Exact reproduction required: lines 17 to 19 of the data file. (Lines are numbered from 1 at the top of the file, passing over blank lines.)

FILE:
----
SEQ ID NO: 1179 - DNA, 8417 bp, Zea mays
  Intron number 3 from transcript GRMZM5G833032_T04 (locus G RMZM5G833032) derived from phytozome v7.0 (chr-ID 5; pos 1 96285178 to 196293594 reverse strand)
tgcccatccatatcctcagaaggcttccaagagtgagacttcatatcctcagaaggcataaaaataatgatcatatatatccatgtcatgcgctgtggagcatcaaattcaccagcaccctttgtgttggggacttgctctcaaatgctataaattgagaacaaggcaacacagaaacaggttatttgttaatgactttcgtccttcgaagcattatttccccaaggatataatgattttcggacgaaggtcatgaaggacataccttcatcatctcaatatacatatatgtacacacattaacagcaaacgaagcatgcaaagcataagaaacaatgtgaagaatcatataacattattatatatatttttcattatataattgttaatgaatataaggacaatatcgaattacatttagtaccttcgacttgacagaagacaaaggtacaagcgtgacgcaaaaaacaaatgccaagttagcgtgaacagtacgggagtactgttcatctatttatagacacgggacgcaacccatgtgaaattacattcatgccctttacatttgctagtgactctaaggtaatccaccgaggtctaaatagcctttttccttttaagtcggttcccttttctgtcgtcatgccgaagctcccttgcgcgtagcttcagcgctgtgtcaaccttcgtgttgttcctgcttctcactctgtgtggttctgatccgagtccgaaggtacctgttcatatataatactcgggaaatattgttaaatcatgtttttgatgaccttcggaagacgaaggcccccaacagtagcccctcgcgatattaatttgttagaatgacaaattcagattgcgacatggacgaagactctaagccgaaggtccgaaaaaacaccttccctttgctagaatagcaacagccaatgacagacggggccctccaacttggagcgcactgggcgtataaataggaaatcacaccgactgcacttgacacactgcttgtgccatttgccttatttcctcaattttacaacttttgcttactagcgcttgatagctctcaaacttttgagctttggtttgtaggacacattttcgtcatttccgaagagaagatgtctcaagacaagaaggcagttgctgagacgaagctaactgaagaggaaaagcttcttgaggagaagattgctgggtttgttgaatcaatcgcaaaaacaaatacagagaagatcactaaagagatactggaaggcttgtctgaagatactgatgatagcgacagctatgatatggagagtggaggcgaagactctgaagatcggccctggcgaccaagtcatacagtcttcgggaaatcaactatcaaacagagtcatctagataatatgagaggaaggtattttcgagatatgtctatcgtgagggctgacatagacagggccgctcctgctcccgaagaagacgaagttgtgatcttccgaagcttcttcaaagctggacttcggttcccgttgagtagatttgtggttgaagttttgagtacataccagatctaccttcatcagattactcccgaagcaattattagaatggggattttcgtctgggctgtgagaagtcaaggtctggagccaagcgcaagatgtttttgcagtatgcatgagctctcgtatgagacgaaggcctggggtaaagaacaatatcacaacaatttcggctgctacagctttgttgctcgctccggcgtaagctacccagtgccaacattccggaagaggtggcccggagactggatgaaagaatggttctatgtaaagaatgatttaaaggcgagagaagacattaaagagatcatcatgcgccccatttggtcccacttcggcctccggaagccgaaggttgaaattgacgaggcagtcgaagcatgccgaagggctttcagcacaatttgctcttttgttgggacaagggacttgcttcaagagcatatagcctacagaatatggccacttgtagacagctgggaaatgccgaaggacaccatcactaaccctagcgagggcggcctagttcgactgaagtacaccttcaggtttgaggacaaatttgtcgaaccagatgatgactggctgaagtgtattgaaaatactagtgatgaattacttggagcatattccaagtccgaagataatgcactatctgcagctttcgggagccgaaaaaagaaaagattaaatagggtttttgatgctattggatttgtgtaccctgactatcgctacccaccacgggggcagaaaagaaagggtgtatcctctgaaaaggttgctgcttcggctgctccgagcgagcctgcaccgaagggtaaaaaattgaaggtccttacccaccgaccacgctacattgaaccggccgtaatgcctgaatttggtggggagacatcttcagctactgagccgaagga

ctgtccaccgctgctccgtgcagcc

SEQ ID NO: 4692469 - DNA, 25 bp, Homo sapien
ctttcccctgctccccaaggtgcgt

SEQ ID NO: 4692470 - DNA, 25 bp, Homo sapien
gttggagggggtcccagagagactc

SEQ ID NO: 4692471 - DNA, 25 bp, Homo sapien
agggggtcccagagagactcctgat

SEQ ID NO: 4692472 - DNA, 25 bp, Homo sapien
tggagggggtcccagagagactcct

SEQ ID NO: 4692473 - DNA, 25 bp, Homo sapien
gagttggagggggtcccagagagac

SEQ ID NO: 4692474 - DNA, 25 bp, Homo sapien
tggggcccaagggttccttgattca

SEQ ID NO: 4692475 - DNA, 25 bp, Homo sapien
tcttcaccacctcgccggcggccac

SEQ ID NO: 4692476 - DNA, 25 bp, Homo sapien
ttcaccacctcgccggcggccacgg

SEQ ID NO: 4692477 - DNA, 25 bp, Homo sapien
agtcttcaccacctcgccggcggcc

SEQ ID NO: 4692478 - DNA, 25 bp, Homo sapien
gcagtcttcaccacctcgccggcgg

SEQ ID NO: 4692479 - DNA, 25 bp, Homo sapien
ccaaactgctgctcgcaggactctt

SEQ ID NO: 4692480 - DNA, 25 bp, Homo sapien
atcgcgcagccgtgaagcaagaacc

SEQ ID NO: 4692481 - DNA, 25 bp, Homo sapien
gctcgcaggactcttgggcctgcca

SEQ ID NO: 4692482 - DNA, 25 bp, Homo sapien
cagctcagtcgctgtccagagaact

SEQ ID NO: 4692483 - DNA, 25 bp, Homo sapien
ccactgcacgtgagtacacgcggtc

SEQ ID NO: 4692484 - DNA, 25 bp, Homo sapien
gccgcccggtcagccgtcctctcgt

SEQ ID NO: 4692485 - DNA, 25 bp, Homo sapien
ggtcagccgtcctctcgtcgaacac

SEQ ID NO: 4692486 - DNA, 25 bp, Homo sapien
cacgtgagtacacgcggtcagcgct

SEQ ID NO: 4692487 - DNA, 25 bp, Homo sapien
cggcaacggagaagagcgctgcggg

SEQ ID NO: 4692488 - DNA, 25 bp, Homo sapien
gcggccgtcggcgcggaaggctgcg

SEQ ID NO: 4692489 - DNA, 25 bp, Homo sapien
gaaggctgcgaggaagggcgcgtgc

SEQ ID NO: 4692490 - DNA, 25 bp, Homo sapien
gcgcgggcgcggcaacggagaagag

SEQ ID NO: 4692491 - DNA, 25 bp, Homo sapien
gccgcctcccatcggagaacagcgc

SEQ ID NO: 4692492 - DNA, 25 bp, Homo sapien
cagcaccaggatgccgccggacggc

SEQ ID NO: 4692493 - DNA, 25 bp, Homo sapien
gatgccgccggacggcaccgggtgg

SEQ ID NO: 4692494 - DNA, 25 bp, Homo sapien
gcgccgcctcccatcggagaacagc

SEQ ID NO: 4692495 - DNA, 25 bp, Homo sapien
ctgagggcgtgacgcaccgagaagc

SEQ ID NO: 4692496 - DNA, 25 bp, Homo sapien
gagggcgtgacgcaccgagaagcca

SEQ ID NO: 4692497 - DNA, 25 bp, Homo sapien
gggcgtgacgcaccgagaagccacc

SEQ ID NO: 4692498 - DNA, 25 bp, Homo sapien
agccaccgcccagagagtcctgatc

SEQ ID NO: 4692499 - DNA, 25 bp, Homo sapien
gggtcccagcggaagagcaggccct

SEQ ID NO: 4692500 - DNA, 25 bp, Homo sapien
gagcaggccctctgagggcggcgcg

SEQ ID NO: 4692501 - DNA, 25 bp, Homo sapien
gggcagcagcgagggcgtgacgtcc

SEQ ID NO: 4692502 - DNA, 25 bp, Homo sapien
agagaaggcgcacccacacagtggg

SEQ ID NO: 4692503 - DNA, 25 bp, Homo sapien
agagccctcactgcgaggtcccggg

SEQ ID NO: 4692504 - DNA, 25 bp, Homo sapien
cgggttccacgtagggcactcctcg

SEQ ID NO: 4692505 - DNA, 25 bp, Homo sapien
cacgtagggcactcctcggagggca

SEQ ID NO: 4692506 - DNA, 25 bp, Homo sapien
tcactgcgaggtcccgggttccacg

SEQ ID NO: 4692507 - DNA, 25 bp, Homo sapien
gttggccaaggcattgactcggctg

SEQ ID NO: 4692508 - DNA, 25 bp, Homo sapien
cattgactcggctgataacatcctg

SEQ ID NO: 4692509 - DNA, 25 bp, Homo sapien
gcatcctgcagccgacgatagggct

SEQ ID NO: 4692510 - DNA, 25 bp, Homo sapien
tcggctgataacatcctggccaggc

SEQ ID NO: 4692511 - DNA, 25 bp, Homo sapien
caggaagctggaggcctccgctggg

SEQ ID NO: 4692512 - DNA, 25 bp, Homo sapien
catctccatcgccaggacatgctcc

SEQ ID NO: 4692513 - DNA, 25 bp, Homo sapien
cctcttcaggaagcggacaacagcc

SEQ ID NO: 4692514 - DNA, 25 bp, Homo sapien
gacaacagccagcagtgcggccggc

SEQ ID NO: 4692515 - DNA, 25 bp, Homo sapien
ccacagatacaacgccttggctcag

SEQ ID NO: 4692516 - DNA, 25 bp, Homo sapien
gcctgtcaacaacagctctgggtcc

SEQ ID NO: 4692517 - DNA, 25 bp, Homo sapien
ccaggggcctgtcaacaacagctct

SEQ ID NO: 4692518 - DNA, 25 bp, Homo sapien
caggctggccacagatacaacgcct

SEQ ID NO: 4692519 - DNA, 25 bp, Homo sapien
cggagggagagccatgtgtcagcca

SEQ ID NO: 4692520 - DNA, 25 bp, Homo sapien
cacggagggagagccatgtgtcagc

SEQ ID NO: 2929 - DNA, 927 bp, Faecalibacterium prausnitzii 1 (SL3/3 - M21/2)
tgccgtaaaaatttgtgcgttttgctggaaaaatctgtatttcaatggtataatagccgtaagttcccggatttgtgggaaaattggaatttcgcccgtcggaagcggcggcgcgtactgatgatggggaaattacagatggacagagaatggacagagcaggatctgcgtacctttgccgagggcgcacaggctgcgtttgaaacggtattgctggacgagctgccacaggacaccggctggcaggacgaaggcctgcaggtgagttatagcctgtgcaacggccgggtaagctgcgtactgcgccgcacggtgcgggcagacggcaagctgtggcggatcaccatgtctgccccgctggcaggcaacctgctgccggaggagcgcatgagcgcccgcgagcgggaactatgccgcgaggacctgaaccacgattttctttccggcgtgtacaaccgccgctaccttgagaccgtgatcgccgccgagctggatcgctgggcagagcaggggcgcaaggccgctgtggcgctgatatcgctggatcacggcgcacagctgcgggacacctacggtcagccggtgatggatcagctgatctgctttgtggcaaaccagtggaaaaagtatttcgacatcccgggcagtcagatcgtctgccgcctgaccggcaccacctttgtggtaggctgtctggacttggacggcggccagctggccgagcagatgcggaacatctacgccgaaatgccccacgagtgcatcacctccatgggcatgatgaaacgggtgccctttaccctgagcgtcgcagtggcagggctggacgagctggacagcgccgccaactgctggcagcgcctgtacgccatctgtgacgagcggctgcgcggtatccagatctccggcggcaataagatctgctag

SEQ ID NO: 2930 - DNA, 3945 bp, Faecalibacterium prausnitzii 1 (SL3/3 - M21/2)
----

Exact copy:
SEQ ID NO: 4692475 - DNA, 25 bp, Homo sapien
tcttcaccacctcgccggcggccac

SEQ ID NO: 4692476 - DNA, 25 bp, Homo sapien